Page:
The last week or so has been dominated by chaotic modeling in the longer time frames and now they are starting to correct themselves. Overall my long range synoptic pattern recognition was toward a rebuilding of the western ridge, linking with the Alaskan Block, and producing eventual cross polar flow and downstream below normal temps across most of the central and eastern US, and I still think that. So far though, there’s no strong signs of a hugely Amplified flow to deliver severe cold into the Southeast anytime soon–however, offsetting that may be eventually one or more of the active waves can attach to a lobe of the Polar Vortex, or a piece of it in mid February such that we do have a severe cold attack, following a Winter storm.
I’ll bypass the minor event of tonight and Tuesday in the Apps and part of Virginia since I covered that in last update. On to the more important story that begins with the first of many, many, many diving waves in the eastern mean trough. The first will bring rain to snow in Kentucky to northern and eastern Tennessee Thursday night and across much of Virginia Friday, but this looks relatively weak and fast moving. I will do a snow map though in next update to outline impact areas-but this looks weaker each run. Probably at the expense of the buffet of waves waiting in the wings.
Which brings us to that, and how those waves are going to dominate February I think. Its’ important NOT to focus on modeling of any specific wave, as that will certainly change and the models will bounce around with which one to amplify the most, leaving the next one or the preceding one to be more strung out. Could one be a major Winter storm in the MidSouth or even Deep South in February? Odds are one or more will. We’ve seen this exact flow before.
Watch on the CFS as week 2 goes into week 3 and the ridge builds in the means, taller with time. The action actually begins before this time frame though, but we’ll keep on seeing storms and rumors of storms throughout February most likely. I’m not saying there can’t be a warm period of a few days in between storms though, since the PV or part of it may drag into eastern Canada, but it will quickly get cold again as the reservoir of cold air always comes across the North Pole and spins around in most of central Canada and the northern United States this month, as “spokes” of cold air rotate and wobble through the central and eastern US, particularly following storms.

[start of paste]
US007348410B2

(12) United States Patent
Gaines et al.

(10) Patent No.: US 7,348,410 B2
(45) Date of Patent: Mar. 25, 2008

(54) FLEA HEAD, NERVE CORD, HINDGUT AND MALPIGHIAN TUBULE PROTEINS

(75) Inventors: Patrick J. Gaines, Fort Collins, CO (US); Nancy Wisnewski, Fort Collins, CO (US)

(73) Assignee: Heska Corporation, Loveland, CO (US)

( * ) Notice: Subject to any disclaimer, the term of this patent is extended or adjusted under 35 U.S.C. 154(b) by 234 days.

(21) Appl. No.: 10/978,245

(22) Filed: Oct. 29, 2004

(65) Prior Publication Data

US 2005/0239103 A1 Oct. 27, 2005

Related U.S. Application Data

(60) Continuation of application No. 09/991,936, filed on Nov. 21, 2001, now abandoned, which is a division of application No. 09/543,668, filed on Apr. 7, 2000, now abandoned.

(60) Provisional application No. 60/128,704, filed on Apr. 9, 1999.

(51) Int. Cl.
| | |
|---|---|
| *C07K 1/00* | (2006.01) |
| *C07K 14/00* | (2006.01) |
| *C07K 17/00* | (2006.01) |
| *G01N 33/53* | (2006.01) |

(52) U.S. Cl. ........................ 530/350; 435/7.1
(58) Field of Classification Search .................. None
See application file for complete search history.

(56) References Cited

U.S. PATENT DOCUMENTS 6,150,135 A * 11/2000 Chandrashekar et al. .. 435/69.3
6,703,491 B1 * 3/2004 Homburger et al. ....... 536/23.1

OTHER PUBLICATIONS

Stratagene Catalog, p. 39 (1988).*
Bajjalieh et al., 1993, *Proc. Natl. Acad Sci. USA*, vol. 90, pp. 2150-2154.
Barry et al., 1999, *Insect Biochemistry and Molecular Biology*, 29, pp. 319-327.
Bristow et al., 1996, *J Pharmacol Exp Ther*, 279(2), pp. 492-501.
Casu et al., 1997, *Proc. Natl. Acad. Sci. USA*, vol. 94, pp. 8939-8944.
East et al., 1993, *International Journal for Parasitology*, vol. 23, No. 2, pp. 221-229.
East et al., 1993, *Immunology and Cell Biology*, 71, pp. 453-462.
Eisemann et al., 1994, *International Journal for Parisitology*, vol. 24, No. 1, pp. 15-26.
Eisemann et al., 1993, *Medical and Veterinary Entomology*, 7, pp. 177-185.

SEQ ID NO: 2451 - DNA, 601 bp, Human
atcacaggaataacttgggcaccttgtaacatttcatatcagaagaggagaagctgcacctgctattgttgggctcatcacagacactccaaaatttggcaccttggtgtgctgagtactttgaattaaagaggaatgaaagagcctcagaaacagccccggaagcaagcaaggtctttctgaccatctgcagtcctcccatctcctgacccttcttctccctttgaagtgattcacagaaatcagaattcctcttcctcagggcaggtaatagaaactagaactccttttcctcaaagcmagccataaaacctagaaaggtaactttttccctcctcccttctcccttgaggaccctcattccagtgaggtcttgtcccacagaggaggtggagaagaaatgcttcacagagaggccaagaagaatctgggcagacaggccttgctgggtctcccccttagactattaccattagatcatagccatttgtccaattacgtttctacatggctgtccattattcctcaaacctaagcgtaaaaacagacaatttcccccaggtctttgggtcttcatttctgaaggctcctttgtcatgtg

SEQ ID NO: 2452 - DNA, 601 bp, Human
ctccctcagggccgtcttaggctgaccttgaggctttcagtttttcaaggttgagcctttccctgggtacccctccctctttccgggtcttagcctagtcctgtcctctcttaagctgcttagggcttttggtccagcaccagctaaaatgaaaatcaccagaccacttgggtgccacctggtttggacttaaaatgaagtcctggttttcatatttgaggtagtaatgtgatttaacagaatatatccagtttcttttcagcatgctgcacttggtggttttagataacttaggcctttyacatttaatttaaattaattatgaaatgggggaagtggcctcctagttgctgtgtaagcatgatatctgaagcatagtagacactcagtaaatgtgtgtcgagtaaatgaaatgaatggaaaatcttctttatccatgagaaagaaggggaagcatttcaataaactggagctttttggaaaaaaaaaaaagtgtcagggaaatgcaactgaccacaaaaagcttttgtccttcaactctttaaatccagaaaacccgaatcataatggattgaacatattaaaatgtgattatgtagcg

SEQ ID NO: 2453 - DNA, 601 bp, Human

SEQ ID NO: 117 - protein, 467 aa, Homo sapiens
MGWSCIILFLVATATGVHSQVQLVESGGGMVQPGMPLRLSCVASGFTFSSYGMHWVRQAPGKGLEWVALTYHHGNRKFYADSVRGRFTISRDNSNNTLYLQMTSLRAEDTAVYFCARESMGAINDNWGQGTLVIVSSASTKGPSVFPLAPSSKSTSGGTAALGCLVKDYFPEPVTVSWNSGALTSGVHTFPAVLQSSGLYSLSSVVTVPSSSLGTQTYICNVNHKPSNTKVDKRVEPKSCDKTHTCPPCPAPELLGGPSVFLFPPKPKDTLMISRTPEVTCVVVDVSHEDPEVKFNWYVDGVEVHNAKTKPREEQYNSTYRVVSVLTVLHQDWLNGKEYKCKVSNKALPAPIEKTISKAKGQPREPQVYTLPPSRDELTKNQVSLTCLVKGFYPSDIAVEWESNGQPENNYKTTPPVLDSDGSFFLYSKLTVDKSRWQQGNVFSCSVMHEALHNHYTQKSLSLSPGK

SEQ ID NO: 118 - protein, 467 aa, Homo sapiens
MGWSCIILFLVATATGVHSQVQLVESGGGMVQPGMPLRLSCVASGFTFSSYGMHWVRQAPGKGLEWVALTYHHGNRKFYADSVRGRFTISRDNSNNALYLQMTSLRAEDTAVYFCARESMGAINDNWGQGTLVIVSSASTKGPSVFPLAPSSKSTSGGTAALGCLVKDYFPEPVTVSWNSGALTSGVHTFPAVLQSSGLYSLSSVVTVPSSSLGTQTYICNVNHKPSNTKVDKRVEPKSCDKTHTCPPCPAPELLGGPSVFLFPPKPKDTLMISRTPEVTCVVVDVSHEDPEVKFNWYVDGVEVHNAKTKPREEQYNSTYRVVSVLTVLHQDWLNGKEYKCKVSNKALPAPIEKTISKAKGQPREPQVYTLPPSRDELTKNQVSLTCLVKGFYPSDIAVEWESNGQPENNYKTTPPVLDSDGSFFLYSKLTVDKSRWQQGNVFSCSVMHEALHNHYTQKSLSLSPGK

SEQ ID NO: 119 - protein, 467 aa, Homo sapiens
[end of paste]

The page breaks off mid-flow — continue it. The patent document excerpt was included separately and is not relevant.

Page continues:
A flow pattern with anomalies like above is shown on GFS and Euro as well (Euro has really been chaotic run to run and playing catch up I think, if you’re following modeliing) This flow would be overall colder than average in the central and especially eastern US with near average cold most of the time in the Deep South. There’s room for some waffling at times based on the large surface Arctic Highs that continuously get produced–and this is one of the more interesting parts of the month…..all those large surface highs pressing down to the tune of 1045, 1050, and even higher.Some Winters we may get one period with a 1045 mb high, if that. This Winter appears to be record breaking going from my memory of most Winters recently, perhaps the late 70s had an equal number or so. The flow is perfectly setup to deliver the big highs. And so far, in this upcoming setup, they aren’t expected to push bodily into the Southeast just yet thanks to an influx of so many southern waves that around poised to roll under the bowl shaped trough in the lower 48 states I’ve been speaking of. That may be a good thing if you’re hunting for a Winter storm, as you’ll recall how often is was cold, but dry in late December and first half of January, with suppressed highs. We have more opportunities for precip makers in this kind of flow, unless and until that tall western ridge matures in mid February and begins to deliver a very cold pattern to the South. We’ll have to wait and see.